DISCUSSION

Mesenteric fibromatosis is a type of fibroblastic proliferation affecting the mesentery that develops usually as a consequence of surgical trauma, but it may occur spontaneously. It is sufficiently rare for no clear data of incidence and presented features to be known. The majority of patients with mesenteric fibromatosis remain clinically asymptomatic, with little or no focal symptoms until later in their course, at which stage they complain of abdominal pain and discomfort, constipation, vomiting, and organ compression symptoms, such as small bowel obstruction and hydronephrosis.

The etiology is unknown but an endocrine cause is suggested by: (i) the relative prevalence in perinatal women; (ii) tumour regression after the menopause; and (iii) regression with tamoxifen therapy [1].

As there is no classical symptomatology related to mesenteric fibromatosis, the diagnosis is confirmed only after the histological analysis of the tumor. Desmoid tumours are firm masses. On cross section these tumours are grayish and grossly homogenous.

Microscopically, mesenteric fibromatosis is characterized by a spatially homogenous proliferation of wavy spindle cells without atypia, associated with collagen among dilated vessels [2]. The mitotic count is relatively low with no evidence of necrosis and nuclear dedifferentiation.

The diagnosis of mesenteric fibromatosis is based on the microscopic examination and immunostaining. It is noteworthy that a CD117 antigen, expressed commonly in GISTs, can be positive in up to 75% cases of mesenteric fibromatosis. In contrast to GISTs, MF does not express CD34 and S100 protein. Recently, the expression of beta-catenin was revealed in fibromatoses that might prove helpful in the differential diagnosis in doubtful cases [3].

The sonographic features of mesenteric fibromatosis are nonspecific and chiefly dependent on collagen and fibroblast content and intralesional vascularity of the tumor. The results of the treatment might be biased due to the unpredictable course of this disease with some tumours regressing or remaining stable without any treatment.

The management of desmoids should be individualized and multimodal. The surgical resection should be performed only in localized tumours that do not invade the root of the mesentery. Intra-abdominal desmoids can be resected in 53–67% of cases. Fibromatoses are locally aggressive tumours that tend to recur when incompletely resected [4,5].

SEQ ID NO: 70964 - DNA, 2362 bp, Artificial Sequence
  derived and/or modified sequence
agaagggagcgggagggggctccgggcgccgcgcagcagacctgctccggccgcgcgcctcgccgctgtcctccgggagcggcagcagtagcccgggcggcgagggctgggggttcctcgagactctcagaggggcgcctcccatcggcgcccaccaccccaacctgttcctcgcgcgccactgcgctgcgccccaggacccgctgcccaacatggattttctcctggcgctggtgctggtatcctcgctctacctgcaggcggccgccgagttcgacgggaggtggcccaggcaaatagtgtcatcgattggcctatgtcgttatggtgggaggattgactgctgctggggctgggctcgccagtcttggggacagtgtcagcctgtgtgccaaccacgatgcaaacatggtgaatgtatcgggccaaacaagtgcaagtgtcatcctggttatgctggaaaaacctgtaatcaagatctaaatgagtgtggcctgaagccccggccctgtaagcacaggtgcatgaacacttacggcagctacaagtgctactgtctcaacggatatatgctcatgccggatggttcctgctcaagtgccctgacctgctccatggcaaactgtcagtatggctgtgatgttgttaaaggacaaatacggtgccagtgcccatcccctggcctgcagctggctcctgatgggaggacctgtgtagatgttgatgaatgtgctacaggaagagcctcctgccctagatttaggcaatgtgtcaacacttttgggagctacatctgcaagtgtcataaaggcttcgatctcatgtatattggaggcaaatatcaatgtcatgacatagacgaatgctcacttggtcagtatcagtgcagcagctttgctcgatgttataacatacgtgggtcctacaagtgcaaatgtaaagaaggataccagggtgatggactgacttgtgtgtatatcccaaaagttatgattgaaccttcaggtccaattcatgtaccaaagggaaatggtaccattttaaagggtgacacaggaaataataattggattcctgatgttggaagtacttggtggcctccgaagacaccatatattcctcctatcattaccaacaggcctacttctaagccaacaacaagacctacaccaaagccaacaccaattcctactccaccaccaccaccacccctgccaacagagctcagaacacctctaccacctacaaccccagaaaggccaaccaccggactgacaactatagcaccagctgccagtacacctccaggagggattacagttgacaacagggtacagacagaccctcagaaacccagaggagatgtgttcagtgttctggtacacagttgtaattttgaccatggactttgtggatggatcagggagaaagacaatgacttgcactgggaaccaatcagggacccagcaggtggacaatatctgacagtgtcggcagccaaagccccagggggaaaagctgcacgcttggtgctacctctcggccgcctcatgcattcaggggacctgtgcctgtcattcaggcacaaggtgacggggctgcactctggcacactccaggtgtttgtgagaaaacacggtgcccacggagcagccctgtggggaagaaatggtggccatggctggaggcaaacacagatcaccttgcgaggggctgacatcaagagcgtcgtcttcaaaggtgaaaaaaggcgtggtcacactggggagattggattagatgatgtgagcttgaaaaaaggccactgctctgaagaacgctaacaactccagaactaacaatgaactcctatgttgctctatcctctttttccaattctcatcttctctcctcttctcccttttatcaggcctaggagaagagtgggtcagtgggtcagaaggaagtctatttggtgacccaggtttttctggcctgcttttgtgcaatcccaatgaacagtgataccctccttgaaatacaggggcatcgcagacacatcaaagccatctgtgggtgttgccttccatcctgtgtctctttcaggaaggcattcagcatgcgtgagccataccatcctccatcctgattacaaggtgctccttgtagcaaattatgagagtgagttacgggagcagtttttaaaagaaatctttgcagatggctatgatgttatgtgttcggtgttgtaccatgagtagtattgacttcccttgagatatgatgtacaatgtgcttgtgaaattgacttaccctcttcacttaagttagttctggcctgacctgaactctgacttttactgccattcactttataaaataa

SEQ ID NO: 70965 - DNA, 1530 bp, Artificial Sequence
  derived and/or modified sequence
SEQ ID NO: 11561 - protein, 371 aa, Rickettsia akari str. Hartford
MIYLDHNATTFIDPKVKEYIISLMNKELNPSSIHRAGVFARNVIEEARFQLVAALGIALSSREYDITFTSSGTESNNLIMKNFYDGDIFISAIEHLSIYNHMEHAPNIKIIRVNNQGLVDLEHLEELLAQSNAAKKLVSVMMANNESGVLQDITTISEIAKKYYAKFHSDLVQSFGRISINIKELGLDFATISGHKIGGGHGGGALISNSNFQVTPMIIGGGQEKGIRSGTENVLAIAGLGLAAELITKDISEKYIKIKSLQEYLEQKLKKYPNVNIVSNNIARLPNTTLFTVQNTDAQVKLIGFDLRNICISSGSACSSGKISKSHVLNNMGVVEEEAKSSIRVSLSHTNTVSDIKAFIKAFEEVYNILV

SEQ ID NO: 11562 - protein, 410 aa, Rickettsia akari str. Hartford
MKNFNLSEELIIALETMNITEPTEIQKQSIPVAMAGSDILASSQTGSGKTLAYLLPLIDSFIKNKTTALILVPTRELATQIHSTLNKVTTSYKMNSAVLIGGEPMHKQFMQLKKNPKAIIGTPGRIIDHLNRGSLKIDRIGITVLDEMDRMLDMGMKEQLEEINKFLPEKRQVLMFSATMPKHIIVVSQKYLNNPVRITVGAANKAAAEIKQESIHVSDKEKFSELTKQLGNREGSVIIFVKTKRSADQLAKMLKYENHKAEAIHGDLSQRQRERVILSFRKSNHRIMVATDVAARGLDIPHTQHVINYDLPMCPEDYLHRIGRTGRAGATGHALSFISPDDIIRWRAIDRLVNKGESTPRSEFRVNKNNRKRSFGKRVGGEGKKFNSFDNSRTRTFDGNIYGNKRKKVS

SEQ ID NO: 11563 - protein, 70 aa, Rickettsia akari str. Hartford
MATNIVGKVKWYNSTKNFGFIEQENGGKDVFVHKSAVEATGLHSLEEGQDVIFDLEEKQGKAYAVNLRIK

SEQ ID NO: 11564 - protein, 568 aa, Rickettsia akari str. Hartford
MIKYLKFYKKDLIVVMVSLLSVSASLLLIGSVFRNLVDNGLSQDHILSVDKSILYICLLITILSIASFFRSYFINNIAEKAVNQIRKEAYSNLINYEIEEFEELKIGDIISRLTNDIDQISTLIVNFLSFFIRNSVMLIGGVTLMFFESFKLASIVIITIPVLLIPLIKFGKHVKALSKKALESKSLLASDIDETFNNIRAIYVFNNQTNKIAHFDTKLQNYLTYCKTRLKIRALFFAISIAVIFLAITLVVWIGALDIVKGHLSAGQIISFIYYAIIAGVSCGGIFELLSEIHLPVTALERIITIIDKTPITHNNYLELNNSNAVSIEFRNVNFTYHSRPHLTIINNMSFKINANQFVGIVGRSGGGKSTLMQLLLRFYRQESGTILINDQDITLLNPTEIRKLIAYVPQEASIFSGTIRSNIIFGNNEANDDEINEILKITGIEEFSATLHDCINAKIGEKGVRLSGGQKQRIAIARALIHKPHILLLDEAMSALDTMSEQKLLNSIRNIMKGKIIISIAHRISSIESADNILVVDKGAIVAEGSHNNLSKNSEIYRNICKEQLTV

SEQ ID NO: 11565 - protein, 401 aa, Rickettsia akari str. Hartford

A high rate of recurrence after the surgical resection results from the incomplete resection, multicentric disease or surgical trauma as a new precipitating factor.

Radiotherapy may be used before surgery in cases of recurrence and inoperable lesions to shrink the tumor and make it operable. Adjuvant radiation therapy reduces recurrence of mesenteric fibromatosis to 20%–40%, compared to 40%–70% with resection only [5]. Recently, a successful therapy of a desmoid tumour resistant to traditional chemotherapeutic regimens was reported with imatinib, a tyrosine kinase inhibitor that is successfully used in advanced gastrointestinal stromal tumours.

CONCLUSION

Mesenteric fibromatosis is a rare tumour that in majority of patients may remain asymptomatic and the management of these tumors depends on histopathological examination.

Consent

The examination of the patient was conducted according to the Declaration of Helsinki principles.

REFERENCES

1. Kempson RL, Fletcher CD, Evans HL, Hendrickson MR, Sibley RK, Tumors of the Soft Tissues 1998; Washington, DC, USA: Armed Forces Institute of Pathology;

2. Lotfi AM, Dozois RR, Gordon H, Hruska LS, Weiland LH, Carryer PW, Mesenteric fibromatosis complicating familial adenomatous polyposis: predisposing factors and results of treatmentInt J Colorectal Dis 1989; 4: 30-6.

3. Ko SF, Lin JW, Ng SH, Huang CC, Wan YL, Huang HY, Spontaneous isolated mesenteric fibromatosis: sonographic and computed tomographic findings with pathologic correlationUltrasound Med Biol 2006; 32: 1141-9.

4. Burke AP, Sobin LH, Shekitka KM, Federspiel BH, Helwig EB, Intra-abdominal fibromatosis. a pathologic analysis of 130 tumors with comparison of clinical subgroupsAm J Surg Pathol 1990; 14: 335-41.

5. Levy AD, Rimola J, Mehrotra AK, Sobin LH, From the archives of the AFIP: benign fibrous tumors and tumorlike lesions of the mesentery: radiologicpathologic correlationRadiographics 2006; 26: 245-64.

Notes

Source of Support: Nil

Conflict of Interest: None declared.